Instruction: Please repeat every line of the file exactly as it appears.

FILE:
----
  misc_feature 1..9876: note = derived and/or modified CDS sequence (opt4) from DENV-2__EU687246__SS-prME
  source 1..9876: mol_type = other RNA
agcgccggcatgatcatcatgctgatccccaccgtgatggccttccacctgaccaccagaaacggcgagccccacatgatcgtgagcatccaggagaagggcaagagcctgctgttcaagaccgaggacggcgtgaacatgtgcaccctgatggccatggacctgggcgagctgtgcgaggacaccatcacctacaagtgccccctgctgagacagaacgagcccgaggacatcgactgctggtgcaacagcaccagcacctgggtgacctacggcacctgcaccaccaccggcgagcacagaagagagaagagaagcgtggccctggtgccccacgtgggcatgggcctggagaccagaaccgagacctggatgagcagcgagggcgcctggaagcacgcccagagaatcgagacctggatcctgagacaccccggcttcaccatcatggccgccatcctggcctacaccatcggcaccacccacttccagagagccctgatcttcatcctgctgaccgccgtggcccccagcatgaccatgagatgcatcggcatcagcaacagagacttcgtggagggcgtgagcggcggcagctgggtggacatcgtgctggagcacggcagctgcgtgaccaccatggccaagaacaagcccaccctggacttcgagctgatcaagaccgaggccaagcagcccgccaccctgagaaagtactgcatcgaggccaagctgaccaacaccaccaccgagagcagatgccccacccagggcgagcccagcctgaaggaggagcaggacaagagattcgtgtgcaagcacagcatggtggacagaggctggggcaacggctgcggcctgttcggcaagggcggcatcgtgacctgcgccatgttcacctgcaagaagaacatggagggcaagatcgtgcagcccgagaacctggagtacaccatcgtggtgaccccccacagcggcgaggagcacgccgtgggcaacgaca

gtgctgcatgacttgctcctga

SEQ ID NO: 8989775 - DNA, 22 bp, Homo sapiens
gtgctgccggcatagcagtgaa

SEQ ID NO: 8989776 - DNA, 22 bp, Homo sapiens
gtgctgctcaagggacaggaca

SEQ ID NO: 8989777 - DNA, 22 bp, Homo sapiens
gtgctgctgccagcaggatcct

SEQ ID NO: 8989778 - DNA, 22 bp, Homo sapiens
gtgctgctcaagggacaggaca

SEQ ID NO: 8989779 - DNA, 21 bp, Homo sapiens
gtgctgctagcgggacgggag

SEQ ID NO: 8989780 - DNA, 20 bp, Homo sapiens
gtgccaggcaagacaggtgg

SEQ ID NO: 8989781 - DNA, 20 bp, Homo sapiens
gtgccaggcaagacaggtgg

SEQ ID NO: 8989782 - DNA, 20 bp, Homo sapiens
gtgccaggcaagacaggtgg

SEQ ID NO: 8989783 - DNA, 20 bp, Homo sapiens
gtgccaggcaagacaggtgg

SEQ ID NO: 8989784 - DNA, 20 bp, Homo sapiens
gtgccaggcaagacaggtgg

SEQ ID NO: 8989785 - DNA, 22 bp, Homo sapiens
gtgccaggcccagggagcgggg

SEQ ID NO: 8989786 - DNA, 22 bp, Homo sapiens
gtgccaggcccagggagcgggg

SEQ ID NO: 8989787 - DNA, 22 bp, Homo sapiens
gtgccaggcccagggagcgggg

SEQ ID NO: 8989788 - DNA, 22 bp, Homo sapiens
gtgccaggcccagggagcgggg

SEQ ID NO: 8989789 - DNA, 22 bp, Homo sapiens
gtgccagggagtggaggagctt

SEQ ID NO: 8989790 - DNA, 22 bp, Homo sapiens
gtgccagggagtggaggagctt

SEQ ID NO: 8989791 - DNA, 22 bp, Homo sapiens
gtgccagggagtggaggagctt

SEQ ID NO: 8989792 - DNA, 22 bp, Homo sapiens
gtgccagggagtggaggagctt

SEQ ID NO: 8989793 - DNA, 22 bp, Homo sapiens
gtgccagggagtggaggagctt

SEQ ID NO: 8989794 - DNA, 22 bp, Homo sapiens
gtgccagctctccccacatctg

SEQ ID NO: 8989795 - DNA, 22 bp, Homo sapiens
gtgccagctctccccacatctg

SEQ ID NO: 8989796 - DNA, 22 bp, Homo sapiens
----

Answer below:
  misc_feature 1..9876: note = derived and/or modified CDS sequence (opt4) from DENV-2__EU687246__SS-prME
  source 1..9876: mol_type = other RNA
agcgccggcatgatcatcatgctgatccccaccgtgatggccttccacctgaccaccagaaacggcgagccccacatgatcgtgagcatccaggagaagggcaagagcctgctgttcaagaccgaggacggcgtgaacatgtgcaccctgatggccatggacctgggcgagctgtgcgaggacaccatcacctacaagtgccccctgctgagacagaacgagcccgaggacatcgactgctggtgcaacagcaccagcacctgggtgacctacggcacctgcaccaccaccggcgagcacagaagagagaagagaagcgtggccctggtgccccacgtgggcatgggcctggagaccagaaccgagacctggatgagcagcgagggcgcctggaagcacgcccagagaatcgagacctggatcctgagacaccccggcttcaccatcatggccgccatcctggcctacaccatcggcaccacccacttccagagagccctgatcttcatcctgctgaccgccgtggcccccagcatgaccatgagatgcatcggcatcagcaacagagacttcgtggagggcgtgagcggcggcagctgggtggacatcgtgctggagcacggcagctgcgtgaccaccatggccaagaacaagcccaccctggacttcgagctgatcaagaccgaggccaagcagcccgccaccctgagaaagtactgcatcgaggccaagctgaccaacaccaccaccgagagcagatgccccacccagggcgagcccagcctgaaggaggagcaggacaagagattcgtgtgcaagcacagcatggtggacagaggctggggcaacggctgcggcctgttcggcaagggcggcatcgtgacctgcgccatgttcacctgcaagaagaacatggagggcaagatcgtgcagcccgagaacctggagtacaccatcgtggtgaccccccacagcggcgaggagcacgccgtgggcaacgaca

gtgctgcatgacttgctcctga

SEQ ID NO: 8989775 - DNA, 22 bp, Homo sapiens
gtgctgccggcatagcagtgaa

SEQ ID NO: 8989776 - DNA, 22 bp, Homo sapiens
gtgctgctcaagggacaggaca

SEQ ID NO: 8989777 - DNA, 22 bp, Homo sapiens
gtgctgctgccagcaggatcct

SEQ ID NO: 8989778 - DNA, 22 bp, Homo sapiens
gtgctgctcaagggacaggaca

SEQ ID NO: 8989779 - DNA, 21 bp, Homo sapiens
gtgctgctagcgggacgggag

SEQ ID NO: 8989780 - DNA, 20 bp, Homo sapiens
gtgccaggcaagacaggtgg

SEQ ID NO: 8989781 - DNA, 20 bp, Homo sapiens
gtgccaggcaagacaggtgg

SEQ ID NO: 8989782 - DNA, 20 bp, Homo sapiens
gtgccaggcaagacaggtgg

SEQ ID NO: 8989783 - DNA, 20 bp, Homo sapiens
gtgccaggcaagacaggtgg

SEQ ID NO: 8989784 - DNA, 20 bp, Homo sapiens
gtgccaggcaagacaggtgg

SEQ ID NO: 8989785 - DNA, 22 bp, Homo sapiens
gtgccaggcccagggagcgggg

SEQ ID NO: 8989786 - DNA, 22 bp, Homo sapiens
gtgccaggcccagggagcgggg

SEQ ID NO: 8989787 - DNA, 22 bp, Homo sapiens
gtgccaggcccagggagcgggg

SEQ ID NO: 8989788 - DNA, 22 bp, Homo sapiens
gtgccaggcccagggagcgggg

SEQ ID NO: 8989789 - DNA, 22 bp, Homo sapiens
gtgccagggagtggaggagctt

SEQ ID NO: 8989790 - DNA, 22 bp, Homo sapiens
gtgccagggagtggaggagctt

SEQ ID NO: 8989791 - DNA, 22 bp, Homo sapiens
gtgccagggagtggaggagctt

SEQ ID NO: 8989792 - DNA, 22 bp, Homo sapiens
gtgccagggagtggaggagctt

SEQ ID NO: 8989793 - DNA, 22 bp, Homo sapiens
gtgccagggagtggaggagctt

SEQ ID NO: 8989794 - DNA, 22 bp, Homo sapiens
gtgccagctctccccacatctg

SEQ ID NO: 8989795 - DNA, 22 bp, Homo sapiens
gtgccagctctccccacatctg

SEQ ID NO: 8989796 - DNA, 22 bp, Homo sapiens